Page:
Wonderland.

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Installation fantasist Ophelia Finke teams up with McQ this spring for a surreal Cronenburg-esque showcase.

McQ

Ophelia Finke’s work is the Where’s Wally of the grown-up art world. The Germany born, London based Saint Martins graduate creates otherworldly installations, where seemingly everyday scenes – surgeons performing operations, archaeologists on a dig, explorers… explorin’ – are skewed with jarring, disturbing details. Like Hitchcock, spot Finke in the background of her scenes – guised as a cowboy hat toting doctor, in tribute to her MD father.

Her newest project is a collaboration with McQ for their SS15 campaign. The shoot, photographed by Laurence Ellis, sees factory workers craft mutant, slime-coated wooden ornaments and battered motorbikes, all the while model Sunniva Wahl sports their sleekly androgynous line. Pointing into the distance in each shot, Finke chats to Wonderland here.

Wonderland: Ophelia, when did you first get interested in art?

Ophelia: From as long as I can remember, my childhood room was chaotic and wild. That might have been art already. My mum is also an art historian and I remember going through her art books and beholding old paintings.

W: Central Saint Martins has a great reputation, but how did tutors there react to, and nurture, your work?

O: I was about to study medicine in Germany, but knew that I rather wanted to be an artist. I decided to send an application to Saint Martins because I knew it from Alexander McQueen. I saw his fashion shows and I knew that he had studied there. I sent some photographs in my email and I didn’t think they would reply but they asked for more photos and I made a portfolio over night. Studying there was a great experience; I love the new campus and facilities. It’s a temple of creativity. It showed me that I was on the right way.

W: How did the collaboration with McQ come about?

O: My friend, the photographer Laurence Ellis, who worked with them and also collaborated with me, introduced us.

W: The set is like a Cronenburg scene, can you describe it succinctly?

O: My installations are environments. They are clearly confined areas – you might call them wonderlands, with their own coherent systems. The colours white and beige are predominant in this installation; you can see a work in progress, materials and tools lying around and a group of assistants working in the background.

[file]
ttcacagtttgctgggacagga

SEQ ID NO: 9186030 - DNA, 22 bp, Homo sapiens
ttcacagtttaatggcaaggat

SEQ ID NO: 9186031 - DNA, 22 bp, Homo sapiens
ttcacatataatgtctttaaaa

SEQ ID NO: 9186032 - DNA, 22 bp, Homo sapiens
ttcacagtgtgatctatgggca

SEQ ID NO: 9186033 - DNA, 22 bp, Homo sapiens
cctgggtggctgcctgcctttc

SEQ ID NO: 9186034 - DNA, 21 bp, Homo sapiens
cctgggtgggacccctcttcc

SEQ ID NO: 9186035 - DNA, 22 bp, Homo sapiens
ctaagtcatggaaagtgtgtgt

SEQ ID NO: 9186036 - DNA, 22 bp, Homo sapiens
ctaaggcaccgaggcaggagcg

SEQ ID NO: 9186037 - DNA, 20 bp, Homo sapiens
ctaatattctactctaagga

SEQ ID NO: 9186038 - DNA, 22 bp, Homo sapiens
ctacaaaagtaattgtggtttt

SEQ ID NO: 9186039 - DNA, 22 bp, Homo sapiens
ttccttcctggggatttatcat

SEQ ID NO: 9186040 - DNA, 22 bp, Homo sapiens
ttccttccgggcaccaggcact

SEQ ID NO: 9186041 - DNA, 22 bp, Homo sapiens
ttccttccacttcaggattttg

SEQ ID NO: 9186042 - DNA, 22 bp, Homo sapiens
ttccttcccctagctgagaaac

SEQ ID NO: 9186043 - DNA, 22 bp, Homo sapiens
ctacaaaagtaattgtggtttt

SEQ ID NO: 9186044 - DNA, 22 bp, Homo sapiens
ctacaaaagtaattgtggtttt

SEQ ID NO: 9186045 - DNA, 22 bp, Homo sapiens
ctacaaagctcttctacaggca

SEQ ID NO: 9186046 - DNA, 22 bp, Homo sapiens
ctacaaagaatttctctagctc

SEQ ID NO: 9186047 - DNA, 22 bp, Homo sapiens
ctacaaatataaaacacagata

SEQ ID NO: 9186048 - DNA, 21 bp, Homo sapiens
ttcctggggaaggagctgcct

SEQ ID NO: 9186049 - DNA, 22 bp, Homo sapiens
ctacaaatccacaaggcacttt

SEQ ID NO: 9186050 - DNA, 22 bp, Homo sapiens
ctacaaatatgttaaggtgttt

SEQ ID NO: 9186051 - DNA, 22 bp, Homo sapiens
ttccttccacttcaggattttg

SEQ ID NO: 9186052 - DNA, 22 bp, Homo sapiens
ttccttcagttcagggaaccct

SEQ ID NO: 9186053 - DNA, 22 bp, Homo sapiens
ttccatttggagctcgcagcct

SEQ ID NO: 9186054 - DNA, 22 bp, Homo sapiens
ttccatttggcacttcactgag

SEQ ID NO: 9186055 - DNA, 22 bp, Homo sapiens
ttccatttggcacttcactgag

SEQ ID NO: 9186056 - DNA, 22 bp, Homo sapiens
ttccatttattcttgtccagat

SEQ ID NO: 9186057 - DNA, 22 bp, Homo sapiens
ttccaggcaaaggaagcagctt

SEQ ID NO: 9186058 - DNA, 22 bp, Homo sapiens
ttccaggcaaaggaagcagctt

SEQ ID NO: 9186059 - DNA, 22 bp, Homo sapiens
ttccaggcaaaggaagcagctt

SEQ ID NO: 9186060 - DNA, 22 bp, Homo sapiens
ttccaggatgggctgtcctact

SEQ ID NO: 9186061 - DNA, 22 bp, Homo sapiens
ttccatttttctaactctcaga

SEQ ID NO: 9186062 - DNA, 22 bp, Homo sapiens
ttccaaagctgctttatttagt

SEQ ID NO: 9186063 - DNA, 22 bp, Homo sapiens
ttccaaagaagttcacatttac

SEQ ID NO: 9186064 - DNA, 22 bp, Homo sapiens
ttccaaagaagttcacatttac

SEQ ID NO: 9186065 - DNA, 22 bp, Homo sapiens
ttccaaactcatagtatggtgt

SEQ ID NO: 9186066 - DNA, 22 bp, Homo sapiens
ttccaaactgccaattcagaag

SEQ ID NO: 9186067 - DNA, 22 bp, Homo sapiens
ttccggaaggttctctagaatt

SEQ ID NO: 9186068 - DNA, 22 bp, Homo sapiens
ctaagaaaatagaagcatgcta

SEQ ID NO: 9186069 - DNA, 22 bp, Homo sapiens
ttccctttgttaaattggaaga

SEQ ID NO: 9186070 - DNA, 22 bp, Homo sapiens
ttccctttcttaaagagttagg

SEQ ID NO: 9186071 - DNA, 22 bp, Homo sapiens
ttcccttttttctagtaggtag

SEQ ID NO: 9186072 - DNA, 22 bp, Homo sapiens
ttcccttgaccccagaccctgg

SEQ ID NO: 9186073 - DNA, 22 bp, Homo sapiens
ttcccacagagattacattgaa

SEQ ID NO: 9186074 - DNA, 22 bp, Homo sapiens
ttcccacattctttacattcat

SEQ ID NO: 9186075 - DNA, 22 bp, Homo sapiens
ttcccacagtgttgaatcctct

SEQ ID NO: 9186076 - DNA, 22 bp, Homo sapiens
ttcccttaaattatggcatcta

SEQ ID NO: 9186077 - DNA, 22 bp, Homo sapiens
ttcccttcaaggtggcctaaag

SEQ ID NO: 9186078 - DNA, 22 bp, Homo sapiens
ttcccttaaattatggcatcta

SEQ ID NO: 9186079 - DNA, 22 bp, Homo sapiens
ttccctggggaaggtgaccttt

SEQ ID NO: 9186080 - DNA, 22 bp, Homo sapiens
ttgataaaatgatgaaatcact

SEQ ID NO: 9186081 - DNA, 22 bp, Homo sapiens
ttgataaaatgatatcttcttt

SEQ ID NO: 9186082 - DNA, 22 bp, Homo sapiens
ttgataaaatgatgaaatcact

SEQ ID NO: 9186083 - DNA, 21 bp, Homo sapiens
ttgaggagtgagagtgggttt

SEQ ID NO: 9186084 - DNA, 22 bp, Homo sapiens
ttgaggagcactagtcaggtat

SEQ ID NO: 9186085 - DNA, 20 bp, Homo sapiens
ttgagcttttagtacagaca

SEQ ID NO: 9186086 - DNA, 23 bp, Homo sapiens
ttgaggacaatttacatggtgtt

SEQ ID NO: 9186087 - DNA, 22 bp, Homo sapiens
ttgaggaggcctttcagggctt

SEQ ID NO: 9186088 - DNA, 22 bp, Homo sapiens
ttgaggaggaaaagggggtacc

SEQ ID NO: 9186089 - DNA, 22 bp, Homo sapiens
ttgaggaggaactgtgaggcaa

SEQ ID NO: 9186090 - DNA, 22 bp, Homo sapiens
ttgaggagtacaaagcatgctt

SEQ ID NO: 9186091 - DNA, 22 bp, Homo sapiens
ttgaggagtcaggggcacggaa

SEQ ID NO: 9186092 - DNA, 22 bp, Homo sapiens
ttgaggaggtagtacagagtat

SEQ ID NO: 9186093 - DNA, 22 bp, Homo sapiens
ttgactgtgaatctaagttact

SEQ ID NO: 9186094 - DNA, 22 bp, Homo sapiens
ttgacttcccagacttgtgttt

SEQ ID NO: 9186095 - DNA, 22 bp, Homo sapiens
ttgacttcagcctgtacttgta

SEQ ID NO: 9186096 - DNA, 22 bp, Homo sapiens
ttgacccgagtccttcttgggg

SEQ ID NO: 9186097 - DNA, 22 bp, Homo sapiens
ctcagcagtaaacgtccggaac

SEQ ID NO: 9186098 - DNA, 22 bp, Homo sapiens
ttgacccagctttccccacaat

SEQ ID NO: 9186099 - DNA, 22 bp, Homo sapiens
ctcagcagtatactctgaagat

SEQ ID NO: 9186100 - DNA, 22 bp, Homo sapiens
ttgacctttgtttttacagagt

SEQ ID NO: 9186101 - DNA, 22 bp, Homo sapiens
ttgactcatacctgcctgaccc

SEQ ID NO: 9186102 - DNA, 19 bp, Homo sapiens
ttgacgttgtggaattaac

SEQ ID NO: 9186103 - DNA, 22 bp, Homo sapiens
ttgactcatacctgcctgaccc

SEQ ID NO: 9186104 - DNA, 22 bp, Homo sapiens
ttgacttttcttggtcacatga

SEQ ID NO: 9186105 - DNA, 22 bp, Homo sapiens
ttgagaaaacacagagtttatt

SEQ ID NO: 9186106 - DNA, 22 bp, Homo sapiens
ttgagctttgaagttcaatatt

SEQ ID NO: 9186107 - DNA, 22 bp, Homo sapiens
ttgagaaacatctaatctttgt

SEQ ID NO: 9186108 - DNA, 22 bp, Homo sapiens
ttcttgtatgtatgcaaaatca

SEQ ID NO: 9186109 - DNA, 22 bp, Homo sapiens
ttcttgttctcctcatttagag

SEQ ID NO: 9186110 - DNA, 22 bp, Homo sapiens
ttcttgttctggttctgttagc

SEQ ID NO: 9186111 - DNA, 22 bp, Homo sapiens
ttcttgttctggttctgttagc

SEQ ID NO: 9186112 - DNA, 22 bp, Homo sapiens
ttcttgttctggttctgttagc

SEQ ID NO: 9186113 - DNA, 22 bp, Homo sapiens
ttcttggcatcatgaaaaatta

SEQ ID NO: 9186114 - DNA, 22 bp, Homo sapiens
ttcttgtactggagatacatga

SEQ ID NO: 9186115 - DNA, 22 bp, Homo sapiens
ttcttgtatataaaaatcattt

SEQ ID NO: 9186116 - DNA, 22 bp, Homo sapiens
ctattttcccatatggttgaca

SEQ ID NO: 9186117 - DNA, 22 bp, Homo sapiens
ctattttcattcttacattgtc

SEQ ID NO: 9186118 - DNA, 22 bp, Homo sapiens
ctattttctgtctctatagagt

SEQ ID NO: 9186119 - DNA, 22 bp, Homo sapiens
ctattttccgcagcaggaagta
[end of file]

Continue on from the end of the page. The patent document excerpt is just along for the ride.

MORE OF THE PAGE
W: It’s quite a vision. Where did you get your ideas from?

O: The main inspiration was the Italian city Carrera that is well known for its marble quarries. The white, beige colour scheme might resemble the stone, while the assistants and machines – but also it’s unfinished – reminds me of a quarry.

W: What is it that you are trying to express by featuring yourself in the shots?

O: I think [it] opens up the piece and it becomes more accessible for the audience. I become one with the work, at the same time it is my signature. This is me wearing the coat and the cowboy hat, it’s me being a piece of work. It started with the doctor’s coats, as my dad was an inspiration for me wanting to become a doctor. I was always wearing his coat and dressing up like him as a child, dreaming of this heroic doctor. The cowboy hat is the next step into my own personality.

W: Do you have an affinity with Alexander McQueen’s playfully escapist work?

O: Alexander McQueen was about creating these worlds – every show was a performance. I feel our work is quite similar. I had the option of freedom to create whatever I wanted to do and that’s the way I really wanted to do it.

W: How is London an inspiration-source for you?

O: Darkness and never-ending rain. Melancholia is very important source of inspiration.

W: The last question is a big one. Who are your favourite ever artists?

O: I think that everyone is inspiring and everyone is an artist.

Words: Millie Cotton.

Photographer: Laurence Ellis.

 

 

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